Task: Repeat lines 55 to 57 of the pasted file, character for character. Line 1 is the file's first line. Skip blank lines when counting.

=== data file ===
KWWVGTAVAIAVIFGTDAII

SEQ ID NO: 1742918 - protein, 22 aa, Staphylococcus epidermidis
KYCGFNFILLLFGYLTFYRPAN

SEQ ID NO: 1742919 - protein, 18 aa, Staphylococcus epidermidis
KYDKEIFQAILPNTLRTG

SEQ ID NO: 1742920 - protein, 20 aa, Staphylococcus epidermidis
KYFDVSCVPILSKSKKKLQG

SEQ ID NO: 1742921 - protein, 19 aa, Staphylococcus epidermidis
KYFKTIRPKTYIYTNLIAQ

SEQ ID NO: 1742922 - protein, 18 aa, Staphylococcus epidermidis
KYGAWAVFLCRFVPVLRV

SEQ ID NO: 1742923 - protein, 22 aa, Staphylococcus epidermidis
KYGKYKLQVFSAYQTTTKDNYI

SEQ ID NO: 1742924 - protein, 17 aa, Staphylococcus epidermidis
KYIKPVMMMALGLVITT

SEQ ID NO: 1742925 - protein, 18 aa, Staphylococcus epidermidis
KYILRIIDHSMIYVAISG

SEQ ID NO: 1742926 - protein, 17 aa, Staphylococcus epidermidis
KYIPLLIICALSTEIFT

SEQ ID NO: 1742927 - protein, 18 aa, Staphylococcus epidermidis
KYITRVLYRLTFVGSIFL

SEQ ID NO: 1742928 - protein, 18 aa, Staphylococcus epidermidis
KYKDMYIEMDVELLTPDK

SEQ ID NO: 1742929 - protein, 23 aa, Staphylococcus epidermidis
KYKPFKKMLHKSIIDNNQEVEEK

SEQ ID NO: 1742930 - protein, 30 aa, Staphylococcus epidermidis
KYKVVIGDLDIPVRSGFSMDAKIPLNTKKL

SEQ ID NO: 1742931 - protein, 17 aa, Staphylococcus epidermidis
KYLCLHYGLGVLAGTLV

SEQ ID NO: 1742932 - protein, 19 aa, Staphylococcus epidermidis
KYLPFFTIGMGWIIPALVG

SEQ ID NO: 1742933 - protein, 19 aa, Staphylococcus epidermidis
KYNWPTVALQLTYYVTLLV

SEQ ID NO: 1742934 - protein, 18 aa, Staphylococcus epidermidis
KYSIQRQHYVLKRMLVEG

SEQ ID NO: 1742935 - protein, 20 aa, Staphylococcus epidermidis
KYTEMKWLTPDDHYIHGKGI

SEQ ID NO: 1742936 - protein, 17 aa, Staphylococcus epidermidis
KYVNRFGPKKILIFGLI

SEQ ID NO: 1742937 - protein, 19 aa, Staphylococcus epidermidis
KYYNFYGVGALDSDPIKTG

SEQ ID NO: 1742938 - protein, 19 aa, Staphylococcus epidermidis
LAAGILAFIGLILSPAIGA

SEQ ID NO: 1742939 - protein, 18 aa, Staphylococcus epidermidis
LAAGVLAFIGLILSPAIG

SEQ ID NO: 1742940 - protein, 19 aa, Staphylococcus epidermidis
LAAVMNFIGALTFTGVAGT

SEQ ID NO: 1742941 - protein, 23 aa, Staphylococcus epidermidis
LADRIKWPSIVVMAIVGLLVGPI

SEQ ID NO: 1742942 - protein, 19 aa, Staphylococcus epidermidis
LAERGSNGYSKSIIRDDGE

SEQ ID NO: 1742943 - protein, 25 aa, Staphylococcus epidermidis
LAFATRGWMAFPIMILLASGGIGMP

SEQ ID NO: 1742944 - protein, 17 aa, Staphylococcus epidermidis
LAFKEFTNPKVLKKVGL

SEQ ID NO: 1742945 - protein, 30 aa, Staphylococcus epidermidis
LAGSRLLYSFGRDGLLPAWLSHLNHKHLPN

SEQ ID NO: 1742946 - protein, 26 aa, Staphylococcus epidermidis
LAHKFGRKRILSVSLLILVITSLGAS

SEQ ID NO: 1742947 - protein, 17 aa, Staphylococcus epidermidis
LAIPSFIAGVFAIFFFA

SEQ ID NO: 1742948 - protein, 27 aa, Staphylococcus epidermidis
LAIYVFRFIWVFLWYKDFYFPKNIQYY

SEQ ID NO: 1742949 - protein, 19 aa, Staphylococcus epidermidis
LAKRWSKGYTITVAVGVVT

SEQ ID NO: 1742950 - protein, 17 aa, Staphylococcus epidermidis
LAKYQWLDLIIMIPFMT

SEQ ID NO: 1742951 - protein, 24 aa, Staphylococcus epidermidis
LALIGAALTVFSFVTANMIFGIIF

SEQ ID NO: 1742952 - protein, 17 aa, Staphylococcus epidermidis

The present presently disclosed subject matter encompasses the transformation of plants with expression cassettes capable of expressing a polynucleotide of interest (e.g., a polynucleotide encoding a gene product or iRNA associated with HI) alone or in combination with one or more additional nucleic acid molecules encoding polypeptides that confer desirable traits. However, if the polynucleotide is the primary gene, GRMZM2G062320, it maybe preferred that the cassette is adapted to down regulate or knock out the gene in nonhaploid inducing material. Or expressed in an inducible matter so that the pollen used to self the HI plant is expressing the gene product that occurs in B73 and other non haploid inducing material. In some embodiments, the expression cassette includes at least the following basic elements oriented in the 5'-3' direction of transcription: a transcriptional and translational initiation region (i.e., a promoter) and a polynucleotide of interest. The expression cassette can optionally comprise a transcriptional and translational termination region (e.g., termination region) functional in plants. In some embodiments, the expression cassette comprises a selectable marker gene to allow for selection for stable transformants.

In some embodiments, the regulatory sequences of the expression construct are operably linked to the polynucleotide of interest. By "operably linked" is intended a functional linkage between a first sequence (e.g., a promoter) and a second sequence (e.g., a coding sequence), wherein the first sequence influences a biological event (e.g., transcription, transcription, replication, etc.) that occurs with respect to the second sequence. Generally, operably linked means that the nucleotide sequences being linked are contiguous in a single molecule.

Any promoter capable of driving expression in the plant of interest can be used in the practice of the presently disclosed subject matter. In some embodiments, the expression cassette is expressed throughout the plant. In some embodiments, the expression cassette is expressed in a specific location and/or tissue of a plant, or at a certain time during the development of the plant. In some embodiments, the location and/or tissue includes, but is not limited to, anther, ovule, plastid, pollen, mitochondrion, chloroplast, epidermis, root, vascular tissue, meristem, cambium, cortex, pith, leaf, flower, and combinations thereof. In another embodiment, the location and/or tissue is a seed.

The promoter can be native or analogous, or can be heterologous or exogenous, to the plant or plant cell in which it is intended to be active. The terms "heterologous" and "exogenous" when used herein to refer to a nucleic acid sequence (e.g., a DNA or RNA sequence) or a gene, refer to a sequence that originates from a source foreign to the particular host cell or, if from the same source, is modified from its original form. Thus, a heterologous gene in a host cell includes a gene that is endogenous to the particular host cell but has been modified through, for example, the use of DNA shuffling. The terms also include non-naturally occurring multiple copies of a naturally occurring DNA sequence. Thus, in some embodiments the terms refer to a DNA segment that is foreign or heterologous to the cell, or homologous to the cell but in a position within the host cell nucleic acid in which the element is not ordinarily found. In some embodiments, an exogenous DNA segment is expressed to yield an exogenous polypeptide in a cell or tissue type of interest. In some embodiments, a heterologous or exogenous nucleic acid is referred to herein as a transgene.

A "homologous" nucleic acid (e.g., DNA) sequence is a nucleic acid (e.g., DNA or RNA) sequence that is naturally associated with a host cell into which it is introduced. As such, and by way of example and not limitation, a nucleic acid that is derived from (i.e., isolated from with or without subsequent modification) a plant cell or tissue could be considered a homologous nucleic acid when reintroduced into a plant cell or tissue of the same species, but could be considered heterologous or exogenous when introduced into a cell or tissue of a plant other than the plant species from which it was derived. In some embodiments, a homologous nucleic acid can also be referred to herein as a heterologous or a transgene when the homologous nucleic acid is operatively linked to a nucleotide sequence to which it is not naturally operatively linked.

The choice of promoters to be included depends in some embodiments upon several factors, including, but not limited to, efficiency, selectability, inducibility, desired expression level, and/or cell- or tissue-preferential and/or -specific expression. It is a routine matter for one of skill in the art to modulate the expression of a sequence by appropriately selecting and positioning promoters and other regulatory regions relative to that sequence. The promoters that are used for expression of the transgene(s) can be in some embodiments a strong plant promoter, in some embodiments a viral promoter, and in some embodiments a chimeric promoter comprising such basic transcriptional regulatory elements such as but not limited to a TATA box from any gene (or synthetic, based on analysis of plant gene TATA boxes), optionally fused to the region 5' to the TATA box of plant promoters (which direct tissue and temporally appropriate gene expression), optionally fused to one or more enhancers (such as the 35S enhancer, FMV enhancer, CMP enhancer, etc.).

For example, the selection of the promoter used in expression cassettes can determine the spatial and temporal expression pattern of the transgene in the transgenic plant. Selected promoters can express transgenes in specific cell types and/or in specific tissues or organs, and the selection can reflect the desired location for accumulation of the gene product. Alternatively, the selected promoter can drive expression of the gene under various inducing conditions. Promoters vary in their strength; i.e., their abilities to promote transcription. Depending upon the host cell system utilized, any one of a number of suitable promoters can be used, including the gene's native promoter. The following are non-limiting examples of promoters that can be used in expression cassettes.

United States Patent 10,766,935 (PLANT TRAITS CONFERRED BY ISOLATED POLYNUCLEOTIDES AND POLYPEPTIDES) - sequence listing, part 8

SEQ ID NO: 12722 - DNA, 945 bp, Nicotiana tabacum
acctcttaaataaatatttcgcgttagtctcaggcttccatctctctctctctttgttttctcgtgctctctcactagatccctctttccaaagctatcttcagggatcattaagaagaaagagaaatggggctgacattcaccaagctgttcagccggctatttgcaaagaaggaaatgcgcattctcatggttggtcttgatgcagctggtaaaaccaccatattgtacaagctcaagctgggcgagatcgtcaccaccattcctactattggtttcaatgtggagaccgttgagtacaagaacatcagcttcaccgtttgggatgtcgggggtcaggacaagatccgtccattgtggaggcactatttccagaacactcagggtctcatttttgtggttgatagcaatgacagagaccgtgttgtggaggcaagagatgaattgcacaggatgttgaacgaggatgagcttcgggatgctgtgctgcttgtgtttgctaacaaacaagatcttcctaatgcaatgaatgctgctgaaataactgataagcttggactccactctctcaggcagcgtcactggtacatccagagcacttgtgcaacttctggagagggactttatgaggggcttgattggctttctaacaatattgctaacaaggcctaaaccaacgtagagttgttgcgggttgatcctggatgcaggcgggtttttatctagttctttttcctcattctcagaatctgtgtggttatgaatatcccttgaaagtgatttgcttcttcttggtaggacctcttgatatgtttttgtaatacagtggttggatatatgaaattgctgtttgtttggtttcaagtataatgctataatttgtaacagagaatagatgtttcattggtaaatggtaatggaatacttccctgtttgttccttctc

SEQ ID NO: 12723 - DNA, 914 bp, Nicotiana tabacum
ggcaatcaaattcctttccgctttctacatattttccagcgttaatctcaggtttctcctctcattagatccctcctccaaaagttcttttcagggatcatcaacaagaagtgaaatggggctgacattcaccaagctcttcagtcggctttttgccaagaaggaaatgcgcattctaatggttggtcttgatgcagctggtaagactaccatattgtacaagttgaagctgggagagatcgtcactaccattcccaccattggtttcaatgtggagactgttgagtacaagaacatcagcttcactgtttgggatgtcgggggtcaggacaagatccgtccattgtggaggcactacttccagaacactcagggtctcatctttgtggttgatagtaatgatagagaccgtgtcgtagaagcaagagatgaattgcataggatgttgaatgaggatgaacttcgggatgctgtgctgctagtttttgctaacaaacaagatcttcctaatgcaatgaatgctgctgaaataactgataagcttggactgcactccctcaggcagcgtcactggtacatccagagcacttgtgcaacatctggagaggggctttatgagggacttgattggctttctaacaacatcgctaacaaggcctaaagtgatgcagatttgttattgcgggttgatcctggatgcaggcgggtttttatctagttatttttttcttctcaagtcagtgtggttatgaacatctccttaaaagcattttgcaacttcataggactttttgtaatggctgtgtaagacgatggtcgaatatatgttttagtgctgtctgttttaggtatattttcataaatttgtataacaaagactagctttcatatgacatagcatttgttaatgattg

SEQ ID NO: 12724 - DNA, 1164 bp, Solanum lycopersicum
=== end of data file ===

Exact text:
LAFKEFTNPKVLKKVGL

SEQ ID NO: 1742945 - protein, 30 aa, Staphylococcus epidermidis
LAGSRLLYSFGRDGLLPAWLSHLNHKHLPN